Lee Bee Jin

1933 - 2020
Missionary teacher and music lecturer

Lee Bee Jin was one of the earliest single ladies who came to work among the Ibans in the hinterland of Sarawak. She later married Rev Lau Kuok Ding, son of the Rev Lau Hung Ang. She was the elder sister of Lee Bee Teck, wife of Bishop Emeritus Hwa Yung of the Methodist Church in Malaysia. 

Bee Jin, who was also known as Lilyc Bee-Jin Lau, was born in 1933. Her maternal grandfather and father migrated from Zhuan Tou village, An Hai town in Quanzhou, Fujian, and settled down in Taiping, Malaya. Later, they moved to Penang. Her grandmother was the first believer in the family. At that time, their family was rather poor. When her grandmother saw their neighbours offering chicken and duck as part of ancestral worship, she decided to become a Christian, mainly with the initial intention of saving some money by doing away with ancestral offerings.

Her grandmother then persuaded her 18-year-old daughter (Bee Jin's mother) to become a Christian. Bee Jin's mother refused, saying that such an act would leave no one to worship her late father and he would become a “hungry ghost”. But she later became a Christian after a year of learning how to read the Bible from a lady pastor from a Methodist Church in Taiping who would come to her house and teach her. When Bee Jin's father proposed to marry her, she set a condition that he must become a Christian.

Thus, Bee Jin grew up in a Christian family with three younger brothers and three younger sisters. She was much influenced by the faith of her grandmother, who would lead her to kneel and pray by the bedside every night before going to bed. When Bee Jin was four years old, she learned about God's love gradually from the song “Jesus loves me” which her mother would sing. After singing that song, her grandmother and mother would pray together with her. At 14, Bee Jin confessed her sins, placed her faith in Christ and vowed to follow Him all her life. She found new meaning in her life, and did not quite mind her parents’ strictness. She knew God loved her.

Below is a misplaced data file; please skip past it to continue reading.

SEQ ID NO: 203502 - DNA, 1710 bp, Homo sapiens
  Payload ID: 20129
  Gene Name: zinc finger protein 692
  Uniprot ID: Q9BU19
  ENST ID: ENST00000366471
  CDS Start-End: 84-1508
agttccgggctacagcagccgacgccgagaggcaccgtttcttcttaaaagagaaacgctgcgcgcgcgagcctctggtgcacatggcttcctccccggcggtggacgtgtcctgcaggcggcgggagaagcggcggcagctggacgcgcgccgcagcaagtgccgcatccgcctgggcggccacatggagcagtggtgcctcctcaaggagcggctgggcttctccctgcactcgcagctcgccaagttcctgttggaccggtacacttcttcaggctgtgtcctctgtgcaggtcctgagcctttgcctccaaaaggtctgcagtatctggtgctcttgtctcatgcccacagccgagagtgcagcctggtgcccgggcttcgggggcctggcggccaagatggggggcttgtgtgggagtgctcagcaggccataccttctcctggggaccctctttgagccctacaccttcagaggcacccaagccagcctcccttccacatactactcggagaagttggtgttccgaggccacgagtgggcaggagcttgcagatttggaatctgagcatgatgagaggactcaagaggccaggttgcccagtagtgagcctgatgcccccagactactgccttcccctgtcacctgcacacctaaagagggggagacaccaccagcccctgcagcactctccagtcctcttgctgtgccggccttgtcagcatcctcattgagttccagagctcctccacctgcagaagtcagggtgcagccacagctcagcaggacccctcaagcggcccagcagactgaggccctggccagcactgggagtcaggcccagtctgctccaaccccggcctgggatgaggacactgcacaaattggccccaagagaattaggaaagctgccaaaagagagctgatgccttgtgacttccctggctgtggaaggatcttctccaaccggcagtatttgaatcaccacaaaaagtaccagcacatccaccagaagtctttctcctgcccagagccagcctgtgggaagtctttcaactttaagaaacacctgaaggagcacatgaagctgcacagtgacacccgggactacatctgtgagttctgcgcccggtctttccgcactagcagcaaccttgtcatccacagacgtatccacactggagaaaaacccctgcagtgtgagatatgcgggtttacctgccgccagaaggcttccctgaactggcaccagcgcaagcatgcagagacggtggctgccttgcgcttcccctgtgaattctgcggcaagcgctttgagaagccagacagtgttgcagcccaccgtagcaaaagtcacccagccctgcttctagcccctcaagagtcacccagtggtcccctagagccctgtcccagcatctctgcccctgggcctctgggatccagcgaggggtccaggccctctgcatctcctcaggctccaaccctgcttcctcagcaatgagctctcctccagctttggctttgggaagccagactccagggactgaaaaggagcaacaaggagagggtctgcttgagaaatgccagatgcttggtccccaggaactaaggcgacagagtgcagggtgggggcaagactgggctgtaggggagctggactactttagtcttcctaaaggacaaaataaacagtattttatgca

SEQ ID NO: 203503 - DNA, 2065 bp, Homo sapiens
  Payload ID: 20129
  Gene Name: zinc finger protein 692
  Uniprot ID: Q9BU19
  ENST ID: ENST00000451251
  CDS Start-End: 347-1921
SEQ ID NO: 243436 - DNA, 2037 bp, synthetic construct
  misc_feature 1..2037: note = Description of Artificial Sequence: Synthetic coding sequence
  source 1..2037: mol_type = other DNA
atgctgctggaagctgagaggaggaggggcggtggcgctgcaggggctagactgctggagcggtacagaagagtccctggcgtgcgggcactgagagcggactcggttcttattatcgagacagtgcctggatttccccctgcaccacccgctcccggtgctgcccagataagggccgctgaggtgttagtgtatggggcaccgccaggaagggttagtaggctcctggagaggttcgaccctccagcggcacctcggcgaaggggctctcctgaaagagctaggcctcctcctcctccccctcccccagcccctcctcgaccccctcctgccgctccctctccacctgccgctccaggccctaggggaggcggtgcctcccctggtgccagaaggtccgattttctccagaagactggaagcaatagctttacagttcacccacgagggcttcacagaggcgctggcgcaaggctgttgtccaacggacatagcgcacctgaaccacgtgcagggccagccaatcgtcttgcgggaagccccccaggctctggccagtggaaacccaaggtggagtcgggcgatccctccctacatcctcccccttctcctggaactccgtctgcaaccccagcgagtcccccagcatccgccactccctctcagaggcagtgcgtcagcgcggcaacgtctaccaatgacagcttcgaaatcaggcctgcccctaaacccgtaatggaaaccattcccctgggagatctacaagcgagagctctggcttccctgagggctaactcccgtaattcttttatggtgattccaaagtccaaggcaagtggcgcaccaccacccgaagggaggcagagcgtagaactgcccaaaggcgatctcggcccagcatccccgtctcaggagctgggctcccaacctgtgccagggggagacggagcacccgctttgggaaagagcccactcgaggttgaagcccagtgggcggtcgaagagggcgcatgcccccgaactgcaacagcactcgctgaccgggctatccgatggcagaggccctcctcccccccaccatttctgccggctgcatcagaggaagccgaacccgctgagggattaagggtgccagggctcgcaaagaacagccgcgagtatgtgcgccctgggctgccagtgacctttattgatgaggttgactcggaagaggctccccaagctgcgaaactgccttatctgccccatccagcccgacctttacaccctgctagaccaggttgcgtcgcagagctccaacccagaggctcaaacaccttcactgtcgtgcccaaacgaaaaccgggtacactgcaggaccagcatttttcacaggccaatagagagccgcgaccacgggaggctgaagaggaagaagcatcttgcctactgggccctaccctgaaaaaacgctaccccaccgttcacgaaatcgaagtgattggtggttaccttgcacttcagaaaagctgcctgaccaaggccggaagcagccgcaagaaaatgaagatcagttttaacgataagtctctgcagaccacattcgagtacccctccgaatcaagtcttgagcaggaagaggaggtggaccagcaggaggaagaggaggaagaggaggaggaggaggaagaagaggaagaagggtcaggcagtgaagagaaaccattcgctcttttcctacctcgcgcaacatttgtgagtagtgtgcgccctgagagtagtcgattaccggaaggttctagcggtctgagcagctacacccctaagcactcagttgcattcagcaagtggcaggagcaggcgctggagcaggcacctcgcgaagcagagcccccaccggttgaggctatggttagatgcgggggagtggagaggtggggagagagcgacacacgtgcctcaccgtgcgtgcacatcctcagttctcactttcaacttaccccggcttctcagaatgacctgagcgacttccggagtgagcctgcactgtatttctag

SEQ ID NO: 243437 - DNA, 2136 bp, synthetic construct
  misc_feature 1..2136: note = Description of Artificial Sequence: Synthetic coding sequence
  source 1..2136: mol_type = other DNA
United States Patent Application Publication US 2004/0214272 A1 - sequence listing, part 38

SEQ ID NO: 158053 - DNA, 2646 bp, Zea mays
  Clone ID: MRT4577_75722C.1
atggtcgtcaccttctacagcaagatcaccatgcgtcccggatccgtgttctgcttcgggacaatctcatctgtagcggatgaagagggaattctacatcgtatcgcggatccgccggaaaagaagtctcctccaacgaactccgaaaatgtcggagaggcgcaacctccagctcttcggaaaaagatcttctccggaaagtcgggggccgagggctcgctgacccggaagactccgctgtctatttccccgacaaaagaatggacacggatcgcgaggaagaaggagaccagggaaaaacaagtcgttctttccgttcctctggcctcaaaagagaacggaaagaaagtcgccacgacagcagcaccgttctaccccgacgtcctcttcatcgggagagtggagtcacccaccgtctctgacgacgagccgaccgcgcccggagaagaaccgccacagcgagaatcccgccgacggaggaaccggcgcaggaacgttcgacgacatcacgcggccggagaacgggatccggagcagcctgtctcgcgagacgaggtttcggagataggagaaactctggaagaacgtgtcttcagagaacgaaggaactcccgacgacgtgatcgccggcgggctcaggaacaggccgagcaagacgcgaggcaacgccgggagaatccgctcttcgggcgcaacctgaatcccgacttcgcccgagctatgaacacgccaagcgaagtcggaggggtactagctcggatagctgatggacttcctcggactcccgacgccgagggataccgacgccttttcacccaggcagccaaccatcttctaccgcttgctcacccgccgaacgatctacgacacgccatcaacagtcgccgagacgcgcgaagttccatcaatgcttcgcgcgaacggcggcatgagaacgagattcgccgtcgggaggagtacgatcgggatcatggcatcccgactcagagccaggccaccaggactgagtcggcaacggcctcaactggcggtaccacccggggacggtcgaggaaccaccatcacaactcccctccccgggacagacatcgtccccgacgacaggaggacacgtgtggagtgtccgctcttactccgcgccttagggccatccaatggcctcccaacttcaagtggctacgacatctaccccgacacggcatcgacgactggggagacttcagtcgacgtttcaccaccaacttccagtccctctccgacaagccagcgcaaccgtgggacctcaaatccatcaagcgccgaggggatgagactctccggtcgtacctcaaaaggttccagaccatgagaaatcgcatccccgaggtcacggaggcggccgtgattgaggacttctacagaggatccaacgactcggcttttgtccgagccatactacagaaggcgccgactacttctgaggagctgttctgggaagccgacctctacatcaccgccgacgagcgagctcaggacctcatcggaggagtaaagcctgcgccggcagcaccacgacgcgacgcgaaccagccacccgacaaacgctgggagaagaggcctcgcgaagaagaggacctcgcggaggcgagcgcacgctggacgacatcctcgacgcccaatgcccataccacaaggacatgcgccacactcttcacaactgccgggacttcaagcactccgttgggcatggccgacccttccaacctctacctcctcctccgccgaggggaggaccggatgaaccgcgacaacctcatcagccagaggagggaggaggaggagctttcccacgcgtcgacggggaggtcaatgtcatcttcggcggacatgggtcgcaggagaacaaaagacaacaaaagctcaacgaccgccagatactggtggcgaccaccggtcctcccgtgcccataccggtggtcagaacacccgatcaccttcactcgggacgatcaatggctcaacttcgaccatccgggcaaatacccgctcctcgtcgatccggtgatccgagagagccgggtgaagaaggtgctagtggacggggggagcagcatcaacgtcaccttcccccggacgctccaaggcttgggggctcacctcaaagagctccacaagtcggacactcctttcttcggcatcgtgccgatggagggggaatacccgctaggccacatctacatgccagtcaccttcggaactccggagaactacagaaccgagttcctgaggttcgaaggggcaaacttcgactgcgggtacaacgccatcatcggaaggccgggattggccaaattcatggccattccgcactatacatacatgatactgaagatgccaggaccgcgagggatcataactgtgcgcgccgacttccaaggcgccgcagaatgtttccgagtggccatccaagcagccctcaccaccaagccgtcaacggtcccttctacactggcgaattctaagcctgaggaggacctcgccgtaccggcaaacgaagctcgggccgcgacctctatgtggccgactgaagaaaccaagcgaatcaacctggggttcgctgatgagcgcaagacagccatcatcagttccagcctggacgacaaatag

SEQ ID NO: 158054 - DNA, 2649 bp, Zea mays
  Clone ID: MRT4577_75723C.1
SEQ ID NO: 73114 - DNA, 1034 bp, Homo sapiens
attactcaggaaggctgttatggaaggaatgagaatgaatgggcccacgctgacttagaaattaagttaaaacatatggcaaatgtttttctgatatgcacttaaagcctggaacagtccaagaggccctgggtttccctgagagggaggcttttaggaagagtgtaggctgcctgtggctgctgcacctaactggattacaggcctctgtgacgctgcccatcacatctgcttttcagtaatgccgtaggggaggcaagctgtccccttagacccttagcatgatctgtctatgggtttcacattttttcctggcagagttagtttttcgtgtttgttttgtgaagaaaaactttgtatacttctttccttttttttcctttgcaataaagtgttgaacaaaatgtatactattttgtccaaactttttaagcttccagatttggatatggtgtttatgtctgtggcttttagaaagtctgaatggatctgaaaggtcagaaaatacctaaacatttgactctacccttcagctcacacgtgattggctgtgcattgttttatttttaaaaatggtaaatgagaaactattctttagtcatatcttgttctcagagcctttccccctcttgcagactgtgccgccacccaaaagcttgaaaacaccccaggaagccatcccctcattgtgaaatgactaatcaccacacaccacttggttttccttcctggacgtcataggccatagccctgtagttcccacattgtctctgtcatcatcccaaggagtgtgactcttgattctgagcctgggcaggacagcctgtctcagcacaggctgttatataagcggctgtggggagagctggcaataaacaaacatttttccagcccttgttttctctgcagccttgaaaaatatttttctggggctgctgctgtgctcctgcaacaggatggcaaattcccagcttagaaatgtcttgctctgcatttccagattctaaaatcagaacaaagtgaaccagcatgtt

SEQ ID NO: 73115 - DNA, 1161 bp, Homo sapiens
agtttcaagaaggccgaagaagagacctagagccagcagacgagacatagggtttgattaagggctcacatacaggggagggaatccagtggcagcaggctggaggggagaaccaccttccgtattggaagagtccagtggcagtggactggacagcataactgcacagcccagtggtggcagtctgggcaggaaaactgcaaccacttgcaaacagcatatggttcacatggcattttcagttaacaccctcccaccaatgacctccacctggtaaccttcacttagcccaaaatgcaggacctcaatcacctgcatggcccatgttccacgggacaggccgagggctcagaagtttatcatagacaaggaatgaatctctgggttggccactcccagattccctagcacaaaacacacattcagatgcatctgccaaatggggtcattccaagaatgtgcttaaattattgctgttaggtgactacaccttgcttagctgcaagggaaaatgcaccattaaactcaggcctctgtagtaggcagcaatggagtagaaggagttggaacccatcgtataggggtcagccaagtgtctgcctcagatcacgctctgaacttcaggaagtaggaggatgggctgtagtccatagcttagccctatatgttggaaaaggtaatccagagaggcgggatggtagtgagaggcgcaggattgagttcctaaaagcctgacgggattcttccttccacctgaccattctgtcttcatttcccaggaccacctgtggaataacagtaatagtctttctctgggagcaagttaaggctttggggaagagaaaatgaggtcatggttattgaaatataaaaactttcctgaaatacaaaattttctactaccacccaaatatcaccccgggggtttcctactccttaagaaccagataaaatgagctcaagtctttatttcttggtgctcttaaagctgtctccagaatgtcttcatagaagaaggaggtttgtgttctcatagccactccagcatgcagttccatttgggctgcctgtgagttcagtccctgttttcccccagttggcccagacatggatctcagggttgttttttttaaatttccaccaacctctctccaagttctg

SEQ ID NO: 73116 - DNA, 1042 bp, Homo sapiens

When Bee Jin turned 17, she became a Sunday school teacher. From the Sunday school material, she learned about the natives in Borneo, how they lived in longhouses, and how most of them were non-Christians and practiced pantheism. 

Tussle over mission work
In 1952 when she was 19, Bee Jin attended a retreat for 1,700 youths from Singapore and Malaya. During the retreat, she was deeply touched and heard God's call for her to serve in Borneo. Bee Jin wanted to share the gospel with these former head-hunters. She realised that she needed to equip herself with theological education.

When she returned home and shared her wish to go for mission work among the Ibans, her father was not happy. He wanted her to take over his business of importing bicycles and sewing machines, as he was having health problems. Bee Jin thought that she could help her father for a few years while confirming God's calling.

She helped her father in his business for the next three years and looked after the company accounts. Her father was suffering from gastro and intestinal diseases and after his third operation, he asked her to choose one of the three men arranged by a matchmaker, so that there would be someone to take over his business. She prayed fervently for her father to recover so that she would be able to go to Borneo. Meanwhile, she took up a Bible correspondence course to get to know God better.